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Participation in regular physical activity or exercise may be as beneficial as medications or psychological therapies for an individual’s clinically diagnosed with mental illness. Guidelines for exercise and those diagnosed with depression include participation between three to four times per week for 30 to 40 minutes over a minimum 9-week duration (Exercise is Medicine Australia, 2014). Three 10-minute walks at low to medium intensity maybe as equally useful as one 30-minute walk (Sharma, Madaan, & Petty, 2006). The outcomes of this exercise program may produce a lower risk of (developing) depression by reducing symptoms of depression for people experiencing other mental disorders.

Furthermore, exercise is an effective strategy to manage the risk factors associated with depression including weight gain, diabetes risk and cardiovascular disease (Exercise is Medicine Australia, 2014; Sharma et al., 2006). Again, highlighting a two way street between chronic diseases and physical activity (Wasmer Andrews, 2014).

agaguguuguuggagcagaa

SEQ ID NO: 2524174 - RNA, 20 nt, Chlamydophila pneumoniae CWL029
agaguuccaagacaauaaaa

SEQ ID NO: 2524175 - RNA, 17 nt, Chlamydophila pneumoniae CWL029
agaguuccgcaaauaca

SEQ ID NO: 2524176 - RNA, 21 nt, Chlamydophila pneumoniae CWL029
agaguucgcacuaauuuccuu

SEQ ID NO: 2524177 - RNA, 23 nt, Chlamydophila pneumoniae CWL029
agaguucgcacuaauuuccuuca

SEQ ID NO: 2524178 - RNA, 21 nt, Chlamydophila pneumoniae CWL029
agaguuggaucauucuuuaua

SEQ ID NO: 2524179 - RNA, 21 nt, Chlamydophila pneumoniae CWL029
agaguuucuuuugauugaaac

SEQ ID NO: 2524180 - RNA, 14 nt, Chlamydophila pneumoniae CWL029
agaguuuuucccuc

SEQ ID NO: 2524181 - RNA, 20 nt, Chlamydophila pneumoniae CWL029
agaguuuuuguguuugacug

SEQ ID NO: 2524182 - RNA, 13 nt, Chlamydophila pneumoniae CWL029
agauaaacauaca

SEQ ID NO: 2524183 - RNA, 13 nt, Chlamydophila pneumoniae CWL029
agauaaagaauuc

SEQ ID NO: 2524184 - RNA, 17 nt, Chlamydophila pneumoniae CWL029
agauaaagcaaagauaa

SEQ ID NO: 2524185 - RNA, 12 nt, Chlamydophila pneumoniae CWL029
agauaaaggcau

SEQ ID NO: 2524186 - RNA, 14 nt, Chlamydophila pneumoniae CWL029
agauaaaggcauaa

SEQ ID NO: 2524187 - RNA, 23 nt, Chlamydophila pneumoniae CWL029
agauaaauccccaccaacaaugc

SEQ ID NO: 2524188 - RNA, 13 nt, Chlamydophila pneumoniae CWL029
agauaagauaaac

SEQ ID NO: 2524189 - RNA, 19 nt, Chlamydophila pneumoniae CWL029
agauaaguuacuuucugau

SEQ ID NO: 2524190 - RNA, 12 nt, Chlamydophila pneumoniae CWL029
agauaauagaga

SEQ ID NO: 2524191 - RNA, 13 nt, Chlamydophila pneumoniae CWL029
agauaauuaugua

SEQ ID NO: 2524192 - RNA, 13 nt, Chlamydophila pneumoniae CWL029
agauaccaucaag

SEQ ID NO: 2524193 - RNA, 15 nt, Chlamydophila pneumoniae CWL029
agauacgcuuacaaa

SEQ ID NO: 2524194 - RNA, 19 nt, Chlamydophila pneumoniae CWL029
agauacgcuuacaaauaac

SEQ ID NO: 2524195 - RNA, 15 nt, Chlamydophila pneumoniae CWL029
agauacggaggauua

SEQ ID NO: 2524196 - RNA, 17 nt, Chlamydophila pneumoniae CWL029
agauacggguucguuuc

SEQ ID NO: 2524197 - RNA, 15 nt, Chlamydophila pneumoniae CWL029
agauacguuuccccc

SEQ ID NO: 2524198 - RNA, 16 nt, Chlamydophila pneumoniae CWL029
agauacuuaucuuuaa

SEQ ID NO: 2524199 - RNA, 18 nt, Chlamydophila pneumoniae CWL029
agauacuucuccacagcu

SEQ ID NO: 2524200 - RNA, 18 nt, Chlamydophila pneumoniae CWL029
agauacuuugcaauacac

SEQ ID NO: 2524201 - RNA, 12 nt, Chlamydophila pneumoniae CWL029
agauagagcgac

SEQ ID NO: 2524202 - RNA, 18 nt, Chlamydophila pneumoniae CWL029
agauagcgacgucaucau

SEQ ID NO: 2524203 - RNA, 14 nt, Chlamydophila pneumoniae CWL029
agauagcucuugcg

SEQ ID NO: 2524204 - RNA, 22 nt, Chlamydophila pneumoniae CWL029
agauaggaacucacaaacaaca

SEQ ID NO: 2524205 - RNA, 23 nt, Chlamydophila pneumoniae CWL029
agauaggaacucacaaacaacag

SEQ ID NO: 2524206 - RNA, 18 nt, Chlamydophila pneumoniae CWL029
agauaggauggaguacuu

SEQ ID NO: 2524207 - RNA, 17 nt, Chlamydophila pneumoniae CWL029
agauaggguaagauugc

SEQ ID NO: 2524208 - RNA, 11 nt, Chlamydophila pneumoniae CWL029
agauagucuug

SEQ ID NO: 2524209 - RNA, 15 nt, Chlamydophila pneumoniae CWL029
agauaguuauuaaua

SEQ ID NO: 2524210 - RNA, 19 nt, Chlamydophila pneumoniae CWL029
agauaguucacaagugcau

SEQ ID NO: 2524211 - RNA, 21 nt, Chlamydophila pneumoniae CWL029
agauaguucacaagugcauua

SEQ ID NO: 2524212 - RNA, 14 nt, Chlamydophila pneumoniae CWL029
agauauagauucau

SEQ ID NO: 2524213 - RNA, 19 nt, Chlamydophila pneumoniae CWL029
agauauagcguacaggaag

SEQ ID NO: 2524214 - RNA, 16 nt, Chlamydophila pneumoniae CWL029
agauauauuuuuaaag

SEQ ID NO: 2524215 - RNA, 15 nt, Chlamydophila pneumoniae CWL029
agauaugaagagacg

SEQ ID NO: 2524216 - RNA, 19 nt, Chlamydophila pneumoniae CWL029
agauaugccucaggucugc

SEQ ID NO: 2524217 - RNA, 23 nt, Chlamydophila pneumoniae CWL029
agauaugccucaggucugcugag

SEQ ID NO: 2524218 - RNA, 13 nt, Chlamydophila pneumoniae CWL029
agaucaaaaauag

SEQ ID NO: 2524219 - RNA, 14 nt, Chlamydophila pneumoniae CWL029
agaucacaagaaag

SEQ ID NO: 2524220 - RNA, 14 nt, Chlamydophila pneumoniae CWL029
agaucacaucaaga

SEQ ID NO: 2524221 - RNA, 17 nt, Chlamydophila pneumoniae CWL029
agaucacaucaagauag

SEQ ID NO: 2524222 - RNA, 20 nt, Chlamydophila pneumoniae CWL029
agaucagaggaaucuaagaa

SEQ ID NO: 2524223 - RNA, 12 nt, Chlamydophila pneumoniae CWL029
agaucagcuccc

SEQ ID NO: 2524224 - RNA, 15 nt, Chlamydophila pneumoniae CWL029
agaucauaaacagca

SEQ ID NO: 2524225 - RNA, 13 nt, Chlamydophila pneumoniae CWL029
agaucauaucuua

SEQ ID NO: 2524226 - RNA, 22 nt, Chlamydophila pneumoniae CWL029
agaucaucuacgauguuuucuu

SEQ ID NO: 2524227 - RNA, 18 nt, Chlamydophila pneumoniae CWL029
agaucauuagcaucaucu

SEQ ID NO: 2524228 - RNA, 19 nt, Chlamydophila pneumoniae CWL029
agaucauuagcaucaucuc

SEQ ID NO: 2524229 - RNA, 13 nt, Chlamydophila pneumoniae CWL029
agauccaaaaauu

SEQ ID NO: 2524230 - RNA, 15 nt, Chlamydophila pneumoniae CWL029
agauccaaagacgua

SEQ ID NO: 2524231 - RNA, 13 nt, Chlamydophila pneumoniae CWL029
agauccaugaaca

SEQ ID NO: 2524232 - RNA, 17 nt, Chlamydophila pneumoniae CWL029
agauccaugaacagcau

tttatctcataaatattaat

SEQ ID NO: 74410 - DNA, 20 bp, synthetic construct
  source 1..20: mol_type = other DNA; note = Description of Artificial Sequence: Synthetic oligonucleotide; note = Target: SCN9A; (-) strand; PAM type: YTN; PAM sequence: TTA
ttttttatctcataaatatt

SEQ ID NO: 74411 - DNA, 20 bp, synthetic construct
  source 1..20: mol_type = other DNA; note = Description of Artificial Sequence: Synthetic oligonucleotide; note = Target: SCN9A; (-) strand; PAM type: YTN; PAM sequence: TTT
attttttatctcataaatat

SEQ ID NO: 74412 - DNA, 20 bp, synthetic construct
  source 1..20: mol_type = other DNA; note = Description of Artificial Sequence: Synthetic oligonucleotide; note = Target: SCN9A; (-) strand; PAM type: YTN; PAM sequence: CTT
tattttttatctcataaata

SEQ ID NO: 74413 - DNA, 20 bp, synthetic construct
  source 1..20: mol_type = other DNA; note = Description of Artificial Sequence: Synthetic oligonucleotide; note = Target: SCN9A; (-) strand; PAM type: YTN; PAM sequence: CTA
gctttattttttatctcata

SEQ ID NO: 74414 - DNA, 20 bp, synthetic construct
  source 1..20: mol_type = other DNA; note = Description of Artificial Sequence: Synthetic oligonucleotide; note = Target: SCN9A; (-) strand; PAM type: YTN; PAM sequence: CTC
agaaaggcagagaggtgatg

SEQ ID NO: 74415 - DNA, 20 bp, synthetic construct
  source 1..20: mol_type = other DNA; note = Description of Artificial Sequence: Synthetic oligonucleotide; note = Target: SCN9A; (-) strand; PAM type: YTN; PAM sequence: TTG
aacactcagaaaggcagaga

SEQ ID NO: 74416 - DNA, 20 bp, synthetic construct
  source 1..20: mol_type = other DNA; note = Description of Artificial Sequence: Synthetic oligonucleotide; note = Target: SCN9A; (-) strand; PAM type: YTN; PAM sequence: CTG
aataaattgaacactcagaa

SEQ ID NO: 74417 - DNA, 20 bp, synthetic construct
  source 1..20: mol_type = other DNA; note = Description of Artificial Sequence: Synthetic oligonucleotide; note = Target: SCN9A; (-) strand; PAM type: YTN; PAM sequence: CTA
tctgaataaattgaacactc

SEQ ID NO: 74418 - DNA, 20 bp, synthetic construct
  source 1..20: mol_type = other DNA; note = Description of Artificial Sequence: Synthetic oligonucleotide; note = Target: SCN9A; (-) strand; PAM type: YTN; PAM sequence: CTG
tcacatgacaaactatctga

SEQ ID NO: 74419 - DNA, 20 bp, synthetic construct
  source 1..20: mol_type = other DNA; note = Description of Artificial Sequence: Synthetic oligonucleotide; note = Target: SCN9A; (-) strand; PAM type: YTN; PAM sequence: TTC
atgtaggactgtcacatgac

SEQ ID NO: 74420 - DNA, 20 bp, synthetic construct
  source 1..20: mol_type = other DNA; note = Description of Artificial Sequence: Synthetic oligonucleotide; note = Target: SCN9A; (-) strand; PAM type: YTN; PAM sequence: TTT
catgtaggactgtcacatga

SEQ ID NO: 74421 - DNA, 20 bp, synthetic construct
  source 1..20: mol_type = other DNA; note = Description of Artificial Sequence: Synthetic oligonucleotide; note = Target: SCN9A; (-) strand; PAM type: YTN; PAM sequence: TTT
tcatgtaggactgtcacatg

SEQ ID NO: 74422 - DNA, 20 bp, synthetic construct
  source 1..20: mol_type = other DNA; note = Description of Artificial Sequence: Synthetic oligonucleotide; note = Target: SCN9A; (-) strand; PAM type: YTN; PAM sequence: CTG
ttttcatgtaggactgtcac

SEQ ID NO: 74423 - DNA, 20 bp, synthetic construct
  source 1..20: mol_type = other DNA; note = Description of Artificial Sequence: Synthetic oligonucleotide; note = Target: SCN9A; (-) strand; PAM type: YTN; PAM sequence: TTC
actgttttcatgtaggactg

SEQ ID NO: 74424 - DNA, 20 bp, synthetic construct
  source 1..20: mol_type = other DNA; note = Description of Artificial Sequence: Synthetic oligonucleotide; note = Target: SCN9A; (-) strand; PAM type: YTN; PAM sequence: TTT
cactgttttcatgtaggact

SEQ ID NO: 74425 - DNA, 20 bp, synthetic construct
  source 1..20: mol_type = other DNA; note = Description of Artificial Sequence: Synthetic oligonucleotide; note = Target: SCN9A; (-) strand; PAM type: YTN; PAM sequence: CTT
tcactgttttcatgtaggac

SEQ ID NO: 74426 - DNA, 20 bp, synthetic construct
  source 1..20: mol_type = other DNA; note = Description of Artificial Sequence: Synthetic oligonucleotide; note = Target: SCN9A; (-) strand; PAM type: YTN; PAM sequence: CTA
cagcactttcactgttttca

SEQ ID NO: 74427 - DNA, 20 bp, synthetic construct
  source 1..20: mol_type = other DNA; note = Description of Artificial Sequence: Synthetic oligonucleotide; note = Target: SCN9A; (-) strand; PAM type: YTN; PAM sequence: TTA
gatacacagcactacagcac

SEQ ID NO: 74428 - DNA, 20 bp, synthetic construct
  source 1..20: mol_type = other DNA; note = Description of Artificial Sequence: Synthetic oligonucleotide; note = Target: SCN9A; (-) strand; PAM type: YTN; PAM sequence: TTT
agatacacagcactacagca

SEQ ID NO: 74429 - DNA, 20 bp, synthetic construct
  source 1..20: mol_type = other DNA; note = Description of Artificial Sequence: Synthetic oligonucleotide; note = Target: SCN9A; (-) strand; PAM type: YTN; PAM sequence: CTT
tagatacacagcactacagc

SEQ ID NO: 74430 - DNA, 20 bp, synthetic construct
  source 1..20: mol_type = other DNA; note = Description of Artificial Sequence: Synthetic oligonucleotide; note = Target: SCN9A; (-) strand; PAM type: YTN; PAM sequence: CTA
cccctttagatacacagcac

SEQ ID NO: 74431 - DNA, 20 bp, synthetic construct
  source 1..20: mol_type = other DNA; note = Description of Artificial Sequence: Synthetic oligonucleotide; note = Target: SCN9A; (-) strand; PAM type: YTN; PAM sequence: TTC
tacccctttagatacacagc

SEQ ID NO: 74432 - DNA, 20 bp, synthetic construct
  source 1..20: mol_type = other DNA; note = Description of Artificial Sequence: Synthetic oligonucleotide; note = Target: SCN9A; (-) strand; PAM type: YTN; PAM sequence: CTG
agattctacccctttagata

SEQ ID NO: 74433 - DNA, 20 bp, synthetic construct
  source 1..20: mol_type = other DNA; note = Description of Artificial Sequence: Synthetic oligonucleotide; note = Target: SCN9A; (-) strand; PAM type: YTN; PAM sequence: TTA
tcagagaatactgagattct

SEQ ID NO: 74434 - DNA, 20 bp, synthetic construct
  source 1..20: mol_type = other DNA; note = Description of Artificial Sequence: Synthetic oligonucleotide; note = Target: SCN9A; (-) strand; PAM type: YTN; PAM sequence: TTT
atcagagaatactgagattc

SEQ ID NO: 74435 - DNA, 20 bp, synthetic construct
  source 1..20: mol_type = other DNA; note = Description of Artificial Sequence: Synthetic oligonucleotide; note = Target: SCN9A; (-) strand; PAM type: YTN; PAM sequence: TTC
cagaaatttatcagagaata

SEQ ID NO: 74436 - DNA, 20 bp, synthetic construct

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Lifestyle modifications can assume great importance for those individuals with serious mental illness. Leading a sedentary lifestyle has been proven to be a causative factor for people who are experiencing depression and anxiety. Physical activity can be utilised as a preventative and treatment measure for mental health illness. However, the physical activity guidelines are not being achieved by the broader population; it can be associated with the increase of mental health illness in Australia.